For instants and sorceries, Feed the Swarm, Putrefy, Infernal Grasp, and Deathsprout are all flavor wins that provide efficient removal. Also, in the case of Deathsprout, the card plays into Landfall strategies as well. The new Warhammer 40K version of Cultivate is another flavorful ramp inclusion. Fungal Rebirth is an excellent way to help us recur the permanents that we sacrifice to Baba's ability. Life from the Loam will help us get back land cards that we sacrifice to Baba's (and also possibly Gitrog's) ability, though for flavor synergy I recommend including Sung Choi's version of the card from Ultimate Masters.

I recognize that there will be a natural urge to avoid putting instants and sorceries in the deck, since we want permanents that we can sacrifice, but when it comes to ramp and removal in particular, few cards are as efficient as the ones mentioned above. We still need to have answers to our opponents' decks, and instants and sorceries can best provide that.


When it comes to artifacts, Liquimetal Coating is a must-include, as it turns permanents into artifacts until end of turn. Mycosynth Lattice, while expensive, is a worthy inclusion for a similar reason, though it has the added benefit of turning all of our permanents into artifacts. For this deck in particular, the cost is worth it. If you only have one or two slots for cards in the $20+ category, I would recommend filling one of those slots with Mycosynth. Speaking of Mycosynths, both Mycosynth Wellspring and its sister, Ichor Wellspring, are both great choices for our deck.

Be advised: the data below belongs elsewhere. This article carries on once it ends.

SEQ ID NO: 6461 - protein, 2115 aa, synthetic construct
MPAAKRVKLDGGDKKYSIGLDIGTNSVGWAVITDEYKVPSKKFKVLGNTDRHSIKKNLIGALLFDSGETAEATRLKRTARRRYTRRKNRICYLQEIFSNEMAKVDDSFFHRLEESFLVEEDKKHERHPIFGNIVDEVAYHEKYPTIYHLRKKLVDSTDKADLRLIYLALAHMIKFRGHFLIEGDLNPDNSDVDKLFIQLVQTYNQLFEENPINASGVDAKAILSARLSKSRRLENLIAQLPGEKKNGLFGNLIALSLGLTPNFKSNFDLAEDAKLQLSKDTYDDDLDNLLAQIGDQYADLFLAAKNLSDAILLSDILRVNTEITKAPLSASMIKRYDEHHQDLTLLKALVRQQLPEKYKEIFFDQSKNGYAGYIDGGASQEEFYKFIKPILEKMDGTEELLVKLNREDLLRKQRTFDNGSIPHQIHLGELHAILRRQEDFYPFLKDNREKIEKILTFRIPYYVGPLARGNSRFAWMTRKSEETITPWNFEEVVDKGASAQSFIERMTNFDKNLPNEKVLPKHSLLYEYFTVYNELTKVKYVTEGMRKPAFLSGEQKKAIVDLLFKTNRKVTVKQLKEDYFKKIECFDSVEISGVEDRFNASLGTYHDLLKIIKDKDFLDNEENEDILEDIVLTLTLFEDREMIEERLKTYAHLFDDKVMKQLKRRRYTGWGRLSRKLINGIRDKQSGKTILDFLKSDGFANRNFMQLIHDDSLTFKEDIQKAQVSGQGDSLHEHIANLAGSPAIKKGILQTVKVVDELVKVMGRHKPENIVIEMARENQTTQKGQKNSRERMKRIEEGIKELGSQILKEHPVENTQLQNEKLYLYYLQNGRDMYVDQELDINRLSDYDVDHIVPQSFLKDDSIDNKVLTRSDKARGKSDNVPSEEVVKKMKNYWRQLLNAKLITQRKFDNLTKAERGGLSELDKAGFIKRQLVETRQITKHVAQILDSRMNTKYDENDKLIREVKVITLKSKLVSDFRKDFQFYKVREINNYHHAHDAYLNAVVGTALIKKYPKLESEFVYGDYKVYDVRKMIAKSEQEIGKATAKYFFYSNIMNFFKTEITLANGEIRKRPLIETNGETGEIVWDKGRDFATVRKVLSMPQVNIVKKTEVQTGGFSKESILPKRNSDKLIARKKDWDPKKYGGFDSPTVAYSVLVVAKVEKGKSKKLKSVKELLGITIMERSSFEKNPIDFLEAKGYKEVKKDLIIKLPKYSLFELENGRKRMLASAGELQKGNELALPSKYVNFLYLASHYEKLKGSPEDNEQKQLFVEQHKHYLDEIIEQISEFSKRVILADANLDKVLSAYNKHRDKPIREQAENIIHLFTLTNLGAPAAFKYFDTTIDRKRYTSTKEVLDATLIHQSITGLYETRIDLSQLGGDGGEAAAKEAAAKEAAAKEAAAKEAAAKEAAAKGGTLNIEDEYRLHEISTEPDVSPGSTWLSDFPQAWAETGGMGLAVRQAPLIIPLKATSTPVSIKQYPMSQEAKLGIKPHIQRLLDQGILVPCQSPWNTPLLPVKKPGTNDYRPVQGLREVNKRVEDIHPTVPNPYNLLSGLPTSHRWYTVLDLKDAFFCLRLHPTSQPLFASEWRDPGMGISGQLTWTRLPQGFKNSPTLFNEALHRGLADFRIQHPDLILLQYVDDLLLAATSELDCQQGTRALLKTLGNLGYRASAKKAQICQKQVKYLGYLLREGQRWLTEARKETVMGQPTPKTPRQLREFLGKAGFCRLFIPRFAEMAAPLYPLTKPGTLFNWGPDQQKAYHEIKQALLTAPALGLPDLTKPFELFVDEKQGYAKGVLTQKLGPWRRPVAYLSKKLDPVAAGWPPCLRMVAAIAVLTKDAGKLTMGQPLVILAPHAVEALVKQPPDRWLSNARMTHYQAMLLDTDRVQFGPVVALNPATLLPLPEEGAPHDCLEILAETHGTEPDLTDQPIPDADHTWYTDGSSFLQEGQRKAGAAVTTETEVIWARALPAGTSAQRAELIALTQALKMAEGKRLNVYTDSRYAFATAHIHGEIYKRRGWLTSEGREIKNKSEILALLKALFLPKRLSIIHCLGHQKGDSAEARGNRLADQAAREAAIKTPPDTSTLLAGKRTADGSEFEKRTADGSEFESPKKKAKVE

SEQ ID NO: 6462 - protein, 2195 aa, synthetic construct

They both reward us when they enter the battlefield and leave the battlefield to go into our graveyard, so we 're more than happy to use them as sacrifice fodder. Also, Ichor Wellspring in particular looks like a bubbling monstrosity that we would find in Baba's swamp. I included Witch's Cauldron for Vorthos reasons, but it also provides us with an ability similar to Baba's for situations where Baba is indisposed, making it a great contingency plan. Unfortunately, I cut Witch's Oven because Food tokens just aren't powerful enough to warrant a card, despite the Vorthos synergy.


When it comes to lands, we will want to make sure that we include all of the artifact lands that we can, including Tree of Tales, Vault of Whispers, and Darksteel Citadel. Mishra's Factory is another must-include, as one of its abilities turns it into an artifact, creature, and land, meaning that we can sacrifice it by itself to trigger Baba's ability! Drownyard Temple is another strong include, as its ability allows us to recur it from the graveyard to the battlefield by paying three mana. For Vorthos reasons, I would recommend including Witch's Clinic and Witch's Cottage, though they should each provide modest value as well.